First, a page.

Monday, 18 April 2016

BBC Analysis 'Corporate Amnesia'

The recent BBC Radio 4 'Analysis' programme 'Corporate Amnesia' is a great 30 minute listen, and not just for the lovely ironic clip from 'Yes Minister'.

The programme looks at how organisations can recognise and avoid knowledge and expertise loss, including an interesting case study HM Treasury. HMT suffered extensive turnover and were haemorrhaging know-how after the banking crisis. Working with Kings College London, they have implemented a programme of 2 way knowledge exchanges, including very senior civil servants and experts. How to facilitate knowledge exchanges between senior, experienced staff and newer staff with a fresh perspectives is explored. There is a great interview with workers in a textile factory in northern England and why they share know-how in the cutting room. Encouraging their staff to say 'I don't know' is a good example of fostering collaborative culture. We also learn to make a distinction between useful knowledge and ideology, opinion and vested interest. Margaret Heffernan, author of 'Willful Blindness' talks powerfully about the need to learning from mistakes and why it doesn't often happen, citing the BP Deepwater Horizon disaster. Apparently the main contractor on the Macondo platform erected a stone memorial that is blank. No information, names or dates; almost a memorial to corporate amnesia.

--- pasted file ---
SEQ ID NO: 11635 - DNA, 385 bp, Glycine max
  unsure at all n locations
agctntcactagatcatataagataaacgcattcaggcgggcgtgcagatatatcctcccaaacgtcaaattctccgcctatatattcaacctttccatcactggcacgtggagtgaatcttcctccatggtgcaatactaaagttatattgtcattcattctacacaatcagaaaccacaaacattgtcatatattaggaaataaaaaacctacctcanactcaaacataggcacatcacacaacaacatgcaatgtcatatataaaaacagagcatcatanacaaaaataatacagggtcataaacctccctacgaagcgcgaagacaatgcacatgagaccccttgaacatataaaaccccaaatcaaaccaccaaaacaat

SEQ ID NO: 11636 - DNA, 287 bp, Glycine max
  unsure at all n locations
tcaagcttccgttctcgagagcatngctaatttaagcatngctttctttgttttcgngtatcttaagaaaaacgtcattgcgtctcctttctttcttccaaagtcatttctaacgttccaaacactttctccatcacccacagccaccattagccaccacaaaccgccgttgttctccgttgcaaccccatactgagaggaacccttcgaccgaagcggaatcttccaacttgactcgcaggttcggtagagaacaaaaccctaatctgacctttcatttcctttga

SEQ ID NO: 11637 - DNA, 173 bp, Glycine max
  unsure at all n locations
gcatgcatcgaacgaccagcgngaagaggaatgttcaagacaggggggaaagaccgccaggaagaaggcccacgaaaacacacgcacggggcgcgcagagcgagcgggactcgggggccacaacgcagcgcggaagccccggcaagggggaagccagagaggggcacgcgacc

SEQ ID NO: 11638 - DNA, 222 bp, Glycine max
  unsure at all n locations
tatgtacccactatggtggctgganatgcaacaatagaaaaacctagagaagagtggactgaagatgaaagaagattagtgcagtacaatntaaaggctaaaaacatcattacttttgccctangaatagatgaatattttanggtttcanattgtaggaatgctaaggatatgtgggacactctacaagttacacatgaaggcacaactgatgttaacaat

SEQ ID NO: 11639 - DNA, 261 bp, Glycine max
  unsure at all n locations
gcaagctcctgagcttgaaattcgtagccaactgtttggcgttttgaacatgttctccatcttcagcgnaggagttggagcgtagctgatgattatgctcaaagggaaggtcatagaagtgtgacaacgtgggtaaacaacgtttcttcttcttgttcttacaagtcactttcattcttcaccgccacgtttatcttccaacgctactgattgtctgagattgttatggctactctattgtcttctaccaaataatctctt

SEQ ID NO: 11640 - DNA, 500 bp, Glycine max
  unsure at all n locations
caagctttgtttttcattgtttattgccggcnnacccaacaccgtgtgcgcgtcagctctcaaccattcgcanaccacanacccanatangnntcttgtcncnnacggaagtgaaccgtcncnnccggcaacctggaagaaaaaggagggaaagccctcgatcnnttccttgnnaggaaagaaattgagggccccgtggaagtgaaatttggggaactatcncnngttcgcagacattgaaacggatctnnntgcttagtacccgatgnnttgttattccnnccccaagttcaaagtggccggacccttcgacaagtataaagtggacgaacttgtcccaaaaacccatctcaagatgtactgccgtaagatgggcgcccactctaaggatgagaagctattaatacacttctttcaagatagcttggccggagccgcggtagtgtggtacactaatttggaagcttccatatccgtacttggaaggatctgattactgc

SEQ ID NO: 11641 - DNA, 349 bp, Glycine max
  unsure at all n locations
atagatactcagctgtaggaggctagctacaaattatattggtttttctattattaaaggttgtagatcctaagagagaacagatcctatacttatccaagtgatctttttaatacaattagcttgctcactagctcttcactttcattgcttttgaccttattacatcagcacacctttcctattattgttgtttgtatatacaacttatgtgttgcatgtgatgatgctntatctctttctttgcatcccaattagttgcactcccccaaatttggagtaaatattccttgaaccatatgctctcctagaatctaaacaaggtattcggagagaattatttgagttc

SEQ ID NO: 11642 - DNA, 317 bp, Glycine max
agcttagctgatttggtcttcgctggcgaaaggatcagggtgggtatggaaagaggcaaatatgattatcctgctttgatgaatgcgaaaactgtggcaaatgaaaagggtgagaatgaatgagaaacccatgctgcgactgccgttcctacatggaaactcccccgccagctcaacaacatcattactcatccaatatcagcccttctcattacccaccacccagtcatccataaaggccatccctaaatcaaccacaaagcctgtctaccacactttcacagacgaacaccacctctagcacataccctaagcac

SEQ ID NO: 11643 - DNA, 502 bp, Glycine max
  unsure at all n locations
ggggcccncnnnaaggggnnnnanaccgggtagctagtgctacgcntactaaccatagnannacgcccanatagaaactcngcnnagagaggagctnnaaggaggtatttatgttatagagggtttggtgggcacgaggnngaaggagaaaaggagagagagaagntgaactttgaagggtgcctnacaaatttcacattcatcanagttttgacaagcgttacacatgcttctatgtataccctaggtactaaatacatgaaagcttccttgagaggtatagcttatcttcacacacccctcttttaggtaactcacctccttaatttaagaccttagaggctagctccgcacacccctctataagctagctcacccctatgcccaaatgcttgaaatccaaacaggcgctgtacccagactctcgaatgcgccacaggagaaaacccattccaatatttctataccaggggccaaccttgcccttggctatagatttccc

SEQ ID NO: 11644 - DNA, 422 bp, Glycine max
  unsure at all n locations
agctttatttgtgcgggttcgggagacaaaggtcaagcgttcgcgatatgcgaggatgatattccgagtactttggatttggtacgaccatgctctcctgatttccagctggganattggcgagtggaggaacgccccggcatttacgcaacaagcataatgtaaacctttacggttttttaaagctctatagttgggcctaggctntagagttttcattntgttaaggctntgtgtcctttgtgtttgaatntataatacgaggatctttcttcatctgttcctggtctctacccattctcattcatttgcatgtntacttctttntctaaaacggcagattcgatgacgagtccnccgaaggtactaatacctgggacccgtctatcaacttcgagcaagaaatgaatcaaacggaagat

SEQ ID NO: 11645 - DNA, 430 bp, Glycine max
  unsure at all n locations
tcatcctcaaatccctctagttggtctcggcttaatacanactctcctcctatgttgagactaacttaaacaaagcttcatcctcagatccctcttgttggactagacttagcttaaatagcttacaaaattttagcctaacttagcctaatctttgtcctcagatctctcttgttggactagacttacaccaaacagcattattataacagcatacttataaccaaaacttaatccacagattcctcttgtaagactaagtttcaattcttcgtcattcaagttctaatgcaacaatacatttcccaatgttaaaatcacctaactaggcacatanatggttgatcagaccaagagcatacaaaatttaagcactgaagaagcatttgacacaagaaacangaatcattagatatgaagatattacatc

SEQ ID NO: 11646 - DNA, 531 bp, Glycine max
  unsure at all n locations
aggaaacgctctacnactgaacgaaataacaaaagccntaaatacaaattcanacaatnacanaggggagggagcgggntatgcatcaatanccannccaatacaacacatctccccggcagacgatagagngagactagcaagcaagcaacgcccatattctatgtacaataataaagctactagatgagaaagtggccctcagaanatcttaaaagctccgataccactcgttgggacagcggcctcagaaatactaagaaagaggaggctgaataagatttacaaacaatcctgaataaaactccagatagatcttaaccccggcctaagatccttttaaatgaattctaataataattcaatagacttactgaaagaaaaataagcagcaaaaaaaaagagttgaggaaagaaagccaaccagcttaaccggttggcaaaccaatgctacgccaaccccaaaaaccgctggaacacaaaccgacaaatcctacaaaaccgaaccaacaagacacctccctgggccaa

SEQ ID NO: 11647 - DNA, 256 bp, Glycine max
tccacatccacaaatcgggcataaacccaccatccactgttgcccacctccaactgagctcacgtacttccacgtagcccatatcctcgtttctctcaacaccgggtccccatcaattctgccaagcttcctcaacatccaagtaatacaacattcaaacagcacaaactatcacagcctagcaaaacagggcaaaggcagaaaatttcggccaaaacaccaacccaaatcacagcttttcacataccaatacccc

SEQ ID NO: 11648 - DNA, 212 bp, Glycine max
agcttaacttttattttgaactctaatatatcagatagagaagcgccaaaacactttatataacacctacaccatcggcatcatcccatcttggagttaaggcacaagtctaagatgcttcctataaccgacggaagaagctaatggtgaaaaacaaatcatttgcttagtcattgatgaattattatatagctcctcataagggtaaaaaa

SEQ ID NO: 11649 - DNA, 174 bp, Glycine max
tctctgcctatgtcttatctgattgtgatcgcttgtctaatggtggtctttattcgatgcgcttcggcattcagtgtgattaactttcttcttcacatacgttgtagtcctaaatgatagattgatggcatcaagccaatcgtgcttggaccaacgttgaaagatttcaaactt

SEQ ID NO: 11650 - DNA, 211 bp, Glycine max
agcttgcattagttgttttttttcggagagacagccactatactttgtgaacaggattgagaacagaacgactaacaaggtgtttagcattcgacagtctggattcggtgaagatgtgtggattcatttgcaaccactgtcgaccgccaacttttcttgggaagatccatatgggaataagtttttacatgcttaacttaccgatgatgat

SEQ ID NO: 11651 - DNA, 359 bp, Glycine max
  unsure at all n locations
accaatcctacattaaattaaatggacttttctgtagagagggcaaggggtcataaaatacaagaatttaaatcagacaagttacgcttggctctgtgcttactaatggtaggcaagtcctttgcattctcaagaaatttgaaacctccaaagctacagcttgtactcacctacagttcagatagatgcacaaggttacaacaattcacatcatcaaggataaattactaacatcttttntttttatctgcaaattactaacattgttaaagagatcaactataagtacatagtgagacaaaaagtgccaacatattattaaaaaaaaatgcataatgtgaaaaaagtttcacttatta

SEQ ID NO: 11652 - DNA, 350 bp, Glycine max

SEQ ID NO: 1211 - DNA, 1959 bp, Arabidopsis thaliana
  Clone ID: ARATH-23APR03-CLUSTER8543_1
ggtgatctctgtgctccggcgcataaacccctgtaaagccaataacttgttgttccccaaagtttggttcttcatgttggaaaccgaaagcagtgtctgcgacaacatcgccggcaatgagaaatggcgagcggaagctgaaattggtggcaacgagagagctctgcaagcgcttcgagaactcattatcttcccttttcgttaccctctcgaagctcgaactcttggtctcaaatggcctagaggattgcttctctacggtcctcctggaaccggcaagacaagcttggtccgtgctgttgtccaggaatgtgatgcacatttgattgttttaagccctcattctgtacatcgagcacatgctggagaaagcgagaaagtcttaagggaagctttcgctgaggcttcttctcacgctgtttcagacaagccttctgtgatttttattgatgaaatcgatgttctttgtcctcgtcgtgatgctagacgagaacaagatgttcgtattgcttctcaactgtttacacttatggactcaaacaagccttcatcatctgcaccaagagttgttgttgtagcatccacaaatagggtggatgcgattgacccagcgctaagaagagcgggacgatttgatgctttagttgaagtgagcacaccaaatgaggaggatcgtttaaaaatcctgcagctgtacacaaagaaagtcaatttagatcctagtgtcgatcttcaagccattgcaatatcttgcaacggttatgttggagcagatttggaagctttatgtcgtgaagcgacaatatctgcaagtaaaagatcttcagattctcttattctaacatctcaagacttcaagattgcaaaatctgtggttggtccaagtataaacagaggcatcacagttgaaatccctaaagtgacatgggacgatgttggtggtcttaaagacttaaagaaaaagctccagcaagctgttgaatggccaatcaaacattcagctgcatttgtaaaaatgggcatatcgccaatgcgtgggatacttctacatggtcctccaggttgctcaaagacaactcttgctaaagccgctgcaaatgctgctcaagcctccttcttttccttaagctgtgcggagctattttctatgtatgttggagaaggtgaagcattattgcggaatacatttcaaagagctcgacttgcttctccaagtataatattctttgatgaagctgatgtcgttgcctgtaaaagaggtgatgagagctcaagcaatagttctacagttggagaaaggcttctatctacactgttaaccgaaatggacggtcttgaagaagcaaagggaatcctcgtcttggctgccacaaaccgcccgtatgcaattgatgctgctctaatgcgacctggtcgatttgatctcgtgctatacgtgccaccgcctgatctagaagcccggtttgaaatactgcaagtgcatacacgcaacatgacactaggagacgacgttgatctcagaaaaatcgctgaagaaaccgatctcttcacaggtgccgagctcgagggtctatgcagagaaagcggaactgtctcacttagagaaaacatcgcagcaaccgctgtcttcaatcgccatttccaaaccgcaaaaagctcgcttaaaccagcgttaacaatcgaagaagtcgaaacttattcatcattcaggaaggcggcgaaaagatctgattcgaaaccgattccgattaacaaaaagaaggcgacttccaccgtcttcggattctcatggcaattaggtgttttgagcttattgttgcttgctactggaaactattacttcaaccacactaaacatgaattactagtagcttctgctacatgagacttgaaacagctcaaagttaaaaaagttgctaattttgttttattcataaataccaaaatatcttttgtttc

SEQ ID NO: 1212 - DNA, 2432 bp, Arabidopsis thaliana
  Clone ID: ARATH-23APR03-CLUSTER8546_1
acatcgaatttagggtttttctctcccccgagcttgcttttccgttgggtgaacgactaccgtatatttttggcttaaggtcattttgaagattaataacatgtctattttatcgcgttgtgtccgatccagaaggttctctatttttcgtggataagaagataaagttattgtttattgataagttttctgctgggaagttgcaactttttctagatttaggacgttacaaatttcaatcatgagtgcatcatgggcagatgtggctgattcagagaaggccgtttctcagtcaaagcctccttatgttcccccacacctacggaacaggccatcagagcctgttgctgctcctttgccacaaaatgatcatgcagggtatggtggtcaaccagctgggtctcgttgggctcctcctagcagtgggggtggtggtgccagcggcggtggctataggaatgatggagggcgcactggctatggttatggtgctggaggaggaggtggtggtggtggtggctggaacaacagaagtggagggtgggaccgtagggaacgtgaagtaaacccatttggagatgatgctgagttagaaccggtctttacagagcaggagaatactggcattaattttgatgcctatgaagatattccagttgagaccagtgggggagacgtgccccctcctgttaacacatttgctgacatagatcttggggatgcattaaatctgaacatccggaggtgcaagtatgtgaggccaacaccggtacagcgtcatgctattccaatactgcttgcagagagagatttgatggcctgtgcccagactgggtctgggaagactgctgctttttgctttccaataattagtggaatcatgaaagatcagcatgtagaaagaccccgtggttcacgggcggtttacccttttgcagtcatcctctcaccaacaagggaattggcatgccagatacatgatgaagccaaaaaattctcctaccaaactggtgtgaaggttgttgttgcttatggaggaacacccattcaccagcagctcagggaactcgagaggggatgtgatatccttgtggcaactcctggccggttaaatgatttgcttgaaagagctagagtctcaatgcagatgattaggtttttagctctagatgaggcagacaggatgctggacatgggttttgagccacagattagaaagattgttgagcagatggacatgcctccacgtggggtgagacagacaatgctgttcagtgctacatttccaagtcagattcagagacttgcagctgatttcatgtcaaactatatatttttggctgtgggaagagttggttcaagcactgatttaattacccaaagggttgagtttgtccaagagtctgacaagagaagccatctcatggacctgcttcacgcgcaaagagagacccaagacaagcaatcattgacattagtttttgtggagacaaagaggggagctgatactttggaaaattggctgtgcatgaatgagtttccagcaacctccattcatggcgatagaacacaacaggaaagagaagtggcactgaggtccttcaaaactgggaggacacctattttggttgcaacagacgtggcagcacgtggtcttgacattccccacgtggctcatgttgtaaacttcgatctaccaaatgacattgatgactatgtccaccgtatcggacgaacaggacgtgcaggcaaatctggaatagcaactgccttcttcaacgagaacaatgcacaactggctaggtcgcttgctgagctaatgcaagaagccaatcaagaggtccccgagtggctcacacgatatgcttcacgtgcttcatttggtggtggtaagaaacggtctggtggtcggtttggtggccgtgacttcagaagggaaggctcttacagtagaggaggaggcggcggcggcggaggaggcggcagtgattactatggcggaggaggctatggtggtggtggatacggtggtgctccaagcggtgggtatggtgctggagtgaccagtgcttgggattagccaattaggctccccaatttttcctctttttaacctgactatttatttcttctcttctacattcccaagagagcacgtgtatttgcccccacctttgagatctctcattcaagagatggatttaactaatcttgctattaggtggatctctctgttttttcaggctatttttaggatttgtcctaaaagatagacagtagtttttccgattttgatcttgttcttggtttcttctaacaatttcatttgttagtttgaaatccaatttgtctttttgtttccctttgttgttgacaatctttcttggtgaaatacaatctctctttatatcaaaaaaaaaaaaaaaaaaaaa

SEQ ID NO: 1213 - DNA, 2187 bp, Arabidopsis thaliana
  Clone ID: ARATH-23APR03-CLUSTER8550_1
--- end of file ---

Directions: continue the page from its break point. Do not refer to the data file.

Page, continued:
BBC iPlayer (regional restrictions may apply):
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